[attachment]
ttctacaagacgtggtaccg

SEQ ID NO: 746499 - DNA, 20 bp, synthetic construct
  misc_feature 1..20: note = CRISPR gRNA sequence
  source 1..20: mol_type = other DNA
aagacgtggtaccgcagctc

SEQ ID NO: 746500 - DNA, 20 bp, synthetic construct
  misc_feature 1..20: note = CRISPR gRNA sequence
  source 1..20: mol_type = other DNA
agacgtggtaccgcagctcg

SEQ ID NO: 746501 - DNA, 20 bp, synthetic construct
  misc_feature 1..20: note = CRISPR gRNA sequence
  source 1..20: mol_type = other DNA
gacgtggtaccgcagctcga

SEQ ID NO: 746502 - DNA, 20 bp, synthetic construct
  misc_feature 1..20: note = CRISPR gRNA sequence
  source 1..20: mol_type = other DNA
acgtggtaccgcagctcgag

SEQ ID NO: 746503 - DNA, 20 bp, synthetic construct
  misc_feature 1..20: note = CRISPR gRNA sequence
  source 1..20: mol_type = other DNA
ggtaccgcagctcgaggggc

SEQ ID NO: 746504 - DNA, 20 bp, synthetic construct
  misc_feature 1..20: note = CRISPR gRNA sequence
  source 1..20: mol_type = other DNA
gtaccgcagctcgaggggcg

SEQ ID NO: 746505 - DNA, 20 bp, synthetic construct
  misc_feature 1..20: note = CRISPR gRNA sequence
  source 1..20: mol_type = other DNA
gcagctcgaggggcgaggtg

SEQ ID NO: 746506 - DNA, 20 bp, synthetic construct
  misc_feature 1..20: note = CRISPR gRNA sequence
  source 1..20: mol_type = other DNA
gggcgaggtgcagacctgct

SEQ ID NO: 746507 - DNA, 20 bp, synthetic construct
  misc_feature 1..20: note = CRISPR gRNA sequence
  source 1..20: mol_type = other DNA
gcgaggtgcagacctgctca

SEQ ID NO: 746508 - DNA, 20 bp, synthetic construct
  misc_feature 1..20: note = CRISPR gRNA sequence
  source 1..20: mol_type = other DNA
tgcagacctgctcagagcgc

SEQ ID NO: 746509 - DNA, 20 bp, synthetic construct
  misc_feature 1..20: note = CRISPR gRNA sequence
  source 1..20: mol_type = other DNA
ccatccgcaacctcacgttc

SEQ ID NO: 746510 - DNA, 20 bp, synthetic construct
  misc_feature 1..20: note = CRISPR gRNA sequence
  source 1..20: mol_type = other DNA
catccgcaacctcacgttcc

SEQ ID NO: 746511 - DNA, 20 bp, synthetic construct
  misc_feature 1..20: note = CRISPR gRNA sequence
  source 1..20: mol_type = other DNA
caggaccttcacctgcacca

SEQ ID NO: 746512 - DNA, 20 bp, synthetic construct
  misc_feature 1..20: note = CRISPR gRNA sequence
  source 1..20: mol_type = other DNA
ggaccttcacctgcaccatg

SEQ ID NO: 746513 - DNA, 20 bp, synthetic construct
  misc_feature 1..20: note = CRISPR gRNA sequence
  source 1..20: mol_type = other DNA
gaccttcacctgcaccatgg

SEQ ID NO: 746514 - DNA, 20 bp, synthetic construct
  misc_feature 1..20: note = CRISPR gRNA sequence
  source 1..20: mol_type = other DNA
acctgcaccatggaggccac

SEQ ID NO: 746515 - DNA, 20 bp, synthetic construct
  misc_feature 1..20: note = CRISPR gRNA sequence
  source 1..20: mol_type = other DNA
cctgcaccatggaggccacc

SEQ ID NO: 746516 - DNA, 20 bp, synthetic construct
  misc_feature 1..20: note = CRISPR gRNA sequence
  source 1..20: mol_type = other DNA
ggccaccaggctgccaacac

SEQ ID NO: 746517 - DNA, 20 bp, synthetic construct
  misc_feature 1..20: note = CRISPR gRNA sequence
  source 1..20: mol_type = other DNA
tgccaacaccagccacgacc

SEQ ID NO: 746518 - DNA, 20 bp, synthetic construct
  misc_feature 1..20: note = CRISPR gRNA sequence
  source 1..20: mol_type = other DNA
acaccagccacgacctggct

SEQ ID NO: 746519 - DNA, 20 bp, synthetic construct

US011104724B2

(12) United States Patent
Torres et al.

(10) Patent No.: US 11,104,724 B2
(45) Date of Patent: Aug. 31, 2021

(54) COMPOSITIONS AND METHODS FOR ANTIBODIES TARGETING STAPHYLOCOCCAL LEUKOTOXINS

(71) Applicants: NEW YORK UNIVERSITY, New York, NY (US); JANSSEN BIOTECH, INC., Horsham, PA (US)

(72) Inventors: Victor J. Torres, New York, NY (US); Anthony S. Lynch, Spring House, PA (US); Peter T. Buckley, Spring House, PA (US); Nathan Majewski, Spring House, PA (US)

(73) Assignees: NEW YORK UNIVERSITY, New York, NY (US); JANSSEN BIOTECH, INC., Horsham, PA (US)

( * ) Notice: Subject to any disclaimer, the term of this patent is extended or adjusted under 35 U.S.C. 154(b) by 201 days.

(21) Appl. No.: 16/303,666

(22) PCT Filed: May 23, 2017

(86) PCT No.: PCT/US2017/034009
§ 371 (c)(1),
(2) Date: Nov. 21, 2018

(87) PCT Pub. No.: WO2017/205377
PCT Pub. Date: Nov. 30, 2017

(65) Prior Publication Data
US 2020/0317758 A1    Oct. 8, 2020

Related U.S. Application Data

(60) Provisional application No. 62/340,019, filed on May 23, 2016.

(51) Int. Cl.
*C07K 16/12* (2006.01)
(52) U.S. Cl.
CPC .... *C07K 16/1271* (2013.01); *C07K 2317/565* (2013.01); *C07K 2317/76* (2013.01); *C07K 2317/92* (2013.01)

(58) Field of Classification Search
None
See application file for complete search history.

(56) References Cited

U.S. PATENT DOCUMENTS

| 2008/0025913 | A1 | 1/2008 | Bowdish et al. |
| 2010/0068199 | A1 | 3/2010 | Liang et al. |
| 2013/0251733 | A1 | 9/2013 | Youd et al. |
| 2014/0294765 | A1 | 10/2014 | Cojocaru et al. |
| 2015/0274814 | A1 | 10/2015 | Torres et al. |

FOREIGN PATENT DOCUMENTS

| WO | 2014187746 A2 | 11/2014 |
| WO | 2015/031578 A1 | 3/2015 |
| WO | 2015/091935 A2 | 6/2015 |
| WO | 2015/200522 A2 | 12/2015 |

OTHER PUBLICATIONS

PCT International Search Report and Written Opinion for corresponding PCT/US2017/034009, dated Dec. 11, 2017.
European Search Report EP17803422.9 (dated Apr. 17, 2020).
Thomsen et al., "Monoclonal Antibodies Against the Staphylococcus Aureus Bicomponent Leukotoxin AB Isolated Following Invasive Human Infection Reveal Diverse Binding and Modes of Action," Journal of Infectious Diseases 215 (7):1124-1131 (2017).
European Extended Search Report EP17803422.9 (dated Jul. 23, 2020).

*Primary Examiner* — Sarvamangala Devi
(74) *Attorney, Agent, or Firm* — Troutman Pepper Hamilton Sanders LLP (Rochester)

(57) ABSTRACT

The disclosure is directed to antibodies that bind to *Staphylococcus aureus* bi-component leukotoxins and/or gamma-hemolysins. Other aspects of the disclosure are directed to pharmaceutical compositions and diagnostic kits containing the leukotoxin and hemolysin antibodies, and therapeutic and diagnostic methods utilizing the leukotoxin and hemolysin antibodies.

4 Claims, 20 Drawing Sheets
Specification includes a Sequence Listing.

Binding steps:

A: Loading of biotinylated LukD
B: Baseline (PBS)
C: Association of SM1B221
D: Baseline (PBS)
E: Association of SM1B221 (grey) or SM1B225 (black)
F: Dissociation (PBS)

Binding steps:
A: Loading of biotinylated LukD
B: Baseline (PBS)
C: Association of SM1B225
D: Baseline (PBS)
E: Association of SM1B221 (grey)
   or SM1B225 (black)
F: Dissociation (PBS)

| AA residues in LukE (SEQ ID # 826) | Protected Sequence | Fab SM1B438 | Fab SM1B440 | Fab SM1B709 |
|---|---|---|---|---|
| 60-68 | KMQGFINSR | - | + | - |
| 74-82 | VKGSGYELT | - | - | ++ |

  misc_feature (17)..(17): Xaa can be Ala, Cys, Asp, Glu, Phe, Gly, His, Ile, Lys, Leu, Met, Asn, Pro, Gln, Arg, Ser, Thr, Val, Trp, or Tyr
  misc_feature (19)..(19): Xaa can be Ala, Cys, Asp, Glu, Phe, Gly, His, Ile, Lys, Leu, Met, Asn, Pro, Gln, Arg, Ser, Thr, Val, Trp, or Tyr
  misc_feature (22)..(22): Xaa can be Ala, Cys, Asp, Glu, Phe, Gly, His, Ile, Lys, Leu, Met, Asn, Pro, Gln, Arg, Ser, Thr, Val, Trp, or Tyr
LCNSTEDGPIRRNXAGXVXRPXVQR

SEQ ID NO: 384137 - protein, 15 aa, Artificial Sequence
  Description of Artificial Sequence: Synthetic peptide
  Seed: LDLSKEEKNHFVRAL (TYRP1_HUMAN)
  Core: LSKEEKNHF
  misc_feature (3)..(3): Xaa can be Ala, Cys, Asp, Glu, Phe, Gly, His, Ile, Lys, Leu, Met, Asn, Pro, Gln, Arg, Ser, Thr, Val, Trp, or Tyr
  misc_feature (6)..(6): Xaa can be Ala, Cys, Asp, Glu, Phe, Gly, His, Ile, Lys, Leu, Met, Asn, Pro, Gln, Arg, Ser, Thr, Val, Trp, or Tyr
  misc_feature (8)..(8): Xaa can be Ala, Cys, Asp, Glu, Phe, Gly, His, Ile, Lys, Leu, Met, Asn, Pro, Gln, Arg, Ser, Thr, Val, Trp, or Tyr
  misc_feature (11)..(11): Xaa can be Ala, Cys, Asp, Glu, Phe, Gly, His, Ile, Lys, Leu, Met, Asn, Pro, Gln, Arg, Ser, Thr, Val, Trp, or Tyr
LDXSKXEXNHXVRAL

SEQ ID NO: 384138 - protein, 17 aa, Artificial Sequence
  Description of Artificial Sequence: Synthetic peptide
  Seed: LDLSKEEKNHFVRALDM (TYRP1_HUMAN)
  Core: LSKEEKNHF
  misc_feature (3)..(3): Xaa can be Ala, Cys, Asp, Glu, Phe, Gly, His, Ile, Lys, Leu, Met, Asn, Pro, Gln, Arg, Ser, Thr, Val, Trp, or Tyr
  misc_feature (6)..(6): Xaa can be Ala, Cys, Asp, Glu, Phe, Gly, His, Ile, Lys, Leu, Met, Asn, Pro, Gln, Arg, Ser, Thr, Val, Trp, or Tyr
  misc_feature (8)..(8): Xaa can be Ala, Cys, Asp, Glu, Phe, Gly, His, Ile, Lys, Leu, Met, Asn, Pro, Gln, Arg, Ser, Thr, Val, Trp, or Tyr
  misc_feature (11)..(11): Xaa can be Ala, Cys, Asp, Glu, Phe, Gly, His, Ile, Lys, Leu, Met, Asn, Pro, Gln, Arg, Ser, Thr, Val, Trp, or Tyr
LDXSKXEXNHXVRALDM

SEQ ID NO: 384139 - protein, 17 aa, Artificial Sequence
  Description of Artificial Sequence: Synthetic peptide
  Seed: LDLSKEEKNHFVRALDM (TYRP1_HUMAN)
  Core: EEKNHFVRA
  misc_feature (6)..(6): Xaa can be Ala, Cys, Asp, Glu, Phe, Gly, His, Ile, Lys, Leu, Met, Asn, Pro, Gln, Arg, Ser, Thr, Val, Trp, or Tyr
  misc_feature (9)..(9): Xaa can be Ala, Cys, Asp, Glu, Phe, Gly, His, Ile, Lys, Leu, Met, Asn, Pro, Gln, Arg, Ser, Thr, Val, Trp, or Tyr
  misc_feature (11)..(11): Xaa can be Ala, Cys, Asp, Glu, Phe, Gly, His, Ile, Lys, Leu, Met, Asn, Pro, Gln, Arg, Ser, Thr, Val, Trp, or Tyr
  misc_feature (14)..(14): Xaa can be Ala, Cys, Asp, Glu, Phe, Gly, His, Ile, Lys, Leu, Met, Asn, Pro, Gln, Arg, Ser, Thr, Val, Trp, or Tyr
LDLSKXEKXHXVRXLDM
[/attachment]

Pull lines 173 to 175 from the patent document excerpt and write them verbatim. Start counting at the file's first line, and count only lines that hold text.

  misc_feature (11)..(11): Xaa can be Ala, Cys, Asp, Glu, Phe, Gly, His, Ile, Lys, Leu, Met, Asn, Pro, Gln, Arg, Ser, Thr, Val, Trp, or Tyr
LDXSKXEXNHXVRALDM

SEQ ID NO: 384139 - protein, 17 aa, Artificial Sequence